Question 2 passed in the November 2016 election and took effect January 1, 2017. This voter-approved initiative made recreational use of marijuana legal in Nevada. Under this new law, it is now legal for any adult over the age of 21 to legally possess up to one ounce of marijuana. But questions remain regarding where it is legal to purchase the product, and how use of the drug may affect employment and driving.
Where Can Recreational Marijuana be Purchased?
Recreational marijuana will not be legally available for purchase in Nevada, until state regulations are drafted and approved. These regulations will govern the licensing and operations of growers and retail establishments, and will also set up the taxation policies Nevada will use in this industry. Nevada will be imposing an excise tax of 15 percent on wholesale distribution of recreational weed, as well as collecting sales tax from retailers.
For the first 18 months, Nevada will be piggybacking on the already established medical marijuana grow and retail establishments, and initially, only they will be able to apply for a license to grow and sell recreational marijuana. After this period other private firms may be considered and licensed to grow and sell recreational marijuana.
The drafting of regulations has been “fast-tracked” by the state legislature, and the regulations will probably not go into effect until summer 2017, at the earliest, although the law itself requires these regulations to be in place by January 1, 2018.
Until regulations are in place and approved by the governor, marijuana cannot be legally purchased in Nevada, except with a medical marijuana card.
Can I Grow My Own?
Yes and No. The law allows for individuals to cultivate up to six plants for personal use. If current medical marijuana regulations are followed, you will not be able to grow marijuana plants for your own consumption within a 25-mile radius of a dispensary. Clark County is slated under the new law, to have 80 recreational establishments, so within Clark County it may be difficult, except in rural areas to legally grow the plants. It remains to be seen if the state allows cultivation for recreational purposes within the 25-mile limit.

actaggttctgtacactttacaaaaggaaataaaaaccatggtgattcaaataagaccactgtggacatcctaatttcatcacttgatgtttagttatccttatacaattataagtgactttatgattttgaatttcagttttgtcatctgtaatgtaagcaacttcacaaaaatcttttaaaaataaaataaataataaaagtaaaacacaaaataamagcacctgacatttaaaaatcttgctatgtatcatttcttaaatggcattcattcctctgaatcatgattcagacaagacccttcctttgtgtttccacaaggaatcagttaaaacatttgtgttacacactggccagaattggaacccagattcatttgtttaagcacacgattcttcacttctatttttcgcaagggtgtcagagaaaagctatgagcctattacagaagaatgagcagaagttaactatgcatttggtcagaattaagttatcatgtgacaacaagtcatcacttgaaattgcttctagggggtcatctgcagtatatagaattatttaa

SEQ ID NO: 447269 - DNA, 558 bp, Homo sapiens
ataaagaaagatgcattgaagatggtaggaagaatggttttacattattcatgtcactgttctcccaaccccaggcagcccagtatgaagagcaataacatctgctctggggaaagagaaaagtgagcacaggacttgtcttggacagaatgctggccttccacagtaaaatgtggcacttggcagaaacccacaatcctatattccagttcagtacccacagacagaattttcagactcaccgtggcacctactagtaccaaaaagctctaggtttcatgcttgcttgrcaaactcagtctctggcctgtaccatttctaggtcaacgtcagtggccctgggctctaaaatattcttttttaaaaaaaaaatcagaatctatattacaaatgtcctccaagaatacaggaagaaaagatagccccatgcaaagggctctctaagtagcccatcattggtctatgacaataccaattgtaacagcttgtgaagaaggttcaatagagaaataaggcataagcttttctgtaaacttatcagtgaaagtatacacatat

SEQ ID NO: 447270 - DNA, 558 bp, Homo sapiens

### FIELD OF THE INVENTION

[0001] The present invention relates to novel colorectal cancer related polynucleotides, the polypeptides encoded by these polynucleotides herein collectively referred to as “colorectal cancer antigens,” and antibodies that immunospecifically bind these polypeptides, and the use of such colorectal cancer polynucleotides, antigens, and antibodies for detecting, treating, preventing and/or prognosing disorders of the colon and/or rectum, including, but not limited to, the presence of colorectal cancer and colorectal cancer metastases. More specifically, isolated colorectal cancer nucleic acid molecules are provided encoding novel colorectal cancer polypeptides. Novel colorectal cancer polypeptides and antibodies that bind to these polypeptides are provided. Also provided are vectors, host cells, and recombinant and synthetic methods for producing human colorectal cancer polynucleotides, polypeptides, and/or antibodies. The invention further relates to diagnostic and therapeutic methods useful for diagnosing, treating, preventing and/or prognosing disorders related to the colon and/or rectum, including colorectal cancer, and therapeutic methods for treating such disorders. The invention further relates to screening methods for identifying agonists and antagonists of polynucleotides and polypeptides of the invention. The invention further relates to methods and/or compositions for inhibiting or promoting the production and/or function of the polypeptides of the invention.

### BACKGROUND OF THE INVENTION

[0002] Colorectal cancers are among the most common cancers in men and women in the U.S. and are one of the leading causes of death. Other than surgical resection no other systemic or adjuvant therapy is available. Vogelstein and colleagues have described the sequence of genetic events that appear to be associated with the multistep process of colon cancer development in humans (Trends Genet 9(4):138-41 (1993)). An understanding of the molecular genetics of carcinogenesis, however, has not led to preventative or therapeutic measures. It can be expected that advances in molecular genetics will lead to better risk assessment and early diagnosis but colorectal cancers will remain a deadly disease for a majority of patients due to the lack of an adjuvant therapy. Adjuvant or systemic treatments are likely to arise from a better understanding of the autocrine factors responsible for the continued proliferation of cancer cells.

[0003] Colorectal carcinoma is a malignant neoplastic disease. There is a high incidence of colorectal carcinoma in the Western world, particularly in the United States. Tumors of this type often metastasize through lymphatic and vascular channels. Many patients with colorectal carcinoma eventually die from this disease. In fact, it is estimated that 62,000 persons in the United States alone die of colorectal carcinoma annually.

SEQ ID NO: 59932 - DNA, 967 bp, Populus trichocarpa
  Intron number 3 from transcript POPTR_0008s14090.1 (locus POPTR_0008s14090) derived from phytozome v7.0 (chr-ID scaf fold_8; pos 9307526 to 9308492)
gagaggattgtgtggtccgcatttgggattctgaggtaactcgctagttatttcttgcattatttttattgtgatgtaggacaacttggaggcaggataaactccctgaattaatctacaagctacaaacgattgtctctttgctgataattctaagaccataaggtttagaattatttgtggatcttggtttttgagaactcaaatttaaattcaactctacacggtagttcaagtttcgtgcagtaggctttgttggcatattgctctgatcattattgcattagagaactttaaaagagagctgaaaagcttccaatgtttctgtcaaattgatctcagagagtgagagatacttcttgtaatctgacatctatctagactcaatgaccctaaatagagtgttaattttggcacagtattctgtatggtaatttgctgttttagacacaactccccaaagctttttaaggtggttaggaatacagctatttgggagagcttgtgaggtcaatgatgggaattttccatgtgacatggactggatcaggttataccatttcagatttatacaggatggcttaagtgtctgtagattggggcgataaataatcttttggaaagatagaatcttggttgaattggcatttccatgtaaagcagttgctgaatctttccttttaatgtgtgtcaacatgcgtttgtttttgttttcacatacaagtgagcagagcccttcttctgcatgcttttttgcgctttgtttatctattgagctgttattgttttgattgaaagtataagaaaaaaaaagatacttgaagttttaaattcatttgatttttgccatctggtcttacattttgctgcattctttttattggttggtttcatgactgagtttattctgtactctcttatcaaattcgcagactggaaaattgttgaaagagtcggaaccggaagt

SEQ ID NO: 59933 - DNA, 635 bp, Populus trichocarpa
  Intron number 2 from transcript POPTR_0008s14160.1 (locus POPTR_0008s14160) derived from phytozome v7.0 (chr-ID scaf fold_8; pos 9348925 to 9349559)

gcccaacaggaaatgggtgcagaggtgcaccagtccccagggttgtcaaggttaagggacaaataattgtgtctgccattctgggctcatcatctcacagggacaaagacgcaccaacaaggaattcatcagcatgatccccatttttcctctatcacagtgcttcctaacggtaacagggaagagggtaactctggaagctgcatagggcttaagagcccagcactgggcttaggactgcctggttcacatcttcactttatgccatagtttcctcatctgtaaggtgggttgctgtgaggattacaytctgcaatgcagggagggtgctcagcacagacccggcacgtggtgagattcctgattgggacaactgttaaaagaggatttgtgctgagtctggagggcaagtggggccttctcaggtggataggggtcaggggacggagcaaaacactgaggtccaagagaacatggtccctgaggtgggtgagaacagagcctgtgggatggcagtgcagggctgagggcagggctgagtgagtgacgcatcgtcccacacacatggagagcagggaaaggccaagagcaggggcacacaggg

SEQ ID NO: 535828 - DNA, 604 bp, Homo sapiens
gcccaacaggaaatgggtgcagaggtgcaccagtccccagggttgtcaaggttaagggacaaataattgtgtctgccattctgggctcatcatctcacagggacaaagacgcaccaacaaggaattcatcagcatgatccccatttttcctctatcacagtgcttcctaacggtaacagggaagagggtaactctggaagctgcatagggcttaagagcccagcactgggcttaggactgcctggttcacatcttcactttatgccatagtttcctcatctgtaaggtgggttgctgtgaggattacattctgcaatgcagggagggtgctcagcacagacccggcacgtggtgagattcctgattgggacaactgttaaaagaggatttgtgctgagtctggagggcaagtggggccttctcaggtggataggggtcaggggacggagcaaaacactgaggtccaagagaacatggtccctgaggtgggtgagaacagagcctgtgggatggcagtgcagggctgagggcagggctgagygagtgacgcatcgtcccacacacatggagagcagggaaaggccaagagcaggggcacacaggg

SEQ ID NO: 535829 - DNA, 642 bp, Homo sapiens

Where Can Recreational Marijuana be Used?
Recreational marijuana may only be consumed in the privacy of your home. It may not be smoked in public places, or in a motor vehicle. The law as it stands does not provide for businesses, such as hookah lounges,and weed bars, although that may change as the business grows and matures. If you rent, or otherwise don’t own your home, you may wish to gain permission from the property owner before consuming on their premises. Casinos and hotels do not allow smoking marijuana on their premises.
Can Legal Weed Use Affect My Employment?
Absolutely. Your employer may prohibit marijuana use among employees, and may continue policies requiring mandatory drug testing of employees. Nothing has changed in this area under the new law.
What About Driving After Smoking Weed?
Don’t do it. Nothing has changed in terms of driving regulations, or enforcement of impaired driving laws. State and local law enforcement agencies have stated that they will continue the same policies as always to get impaired drivers off the road. In fact, there may be increased attention given to driving high, due to the new law going into effect. Since there is no current field test for THC levels, like a Breathalyzer, the police will continue to use the methods they’ve been trained to follow to detect drivers who are high. It is at the officer’s discretion from observation of driving, field sobriety tests and observed behavior, whether to arrest a driver under such circumstances. Once arrested a blood test will be administered to determine THC concentration in the blood stream. Nevada’s limit is a relatively strict 2 nanograms/ml. Exceeding this level will result in a DUI charge under current Nevada law.
The Defenders Provides Defense for Drug Law Charges
While the laws are changing to allow for recreational use of marijuana, there are still many ways to break current drug laws. If you have been charged with a marijuana or other drug-related infraction, the lawyers of The Defenders are fully capable of providing a strong defense for you. Call us today to discuss your situation at (702) 333-3333.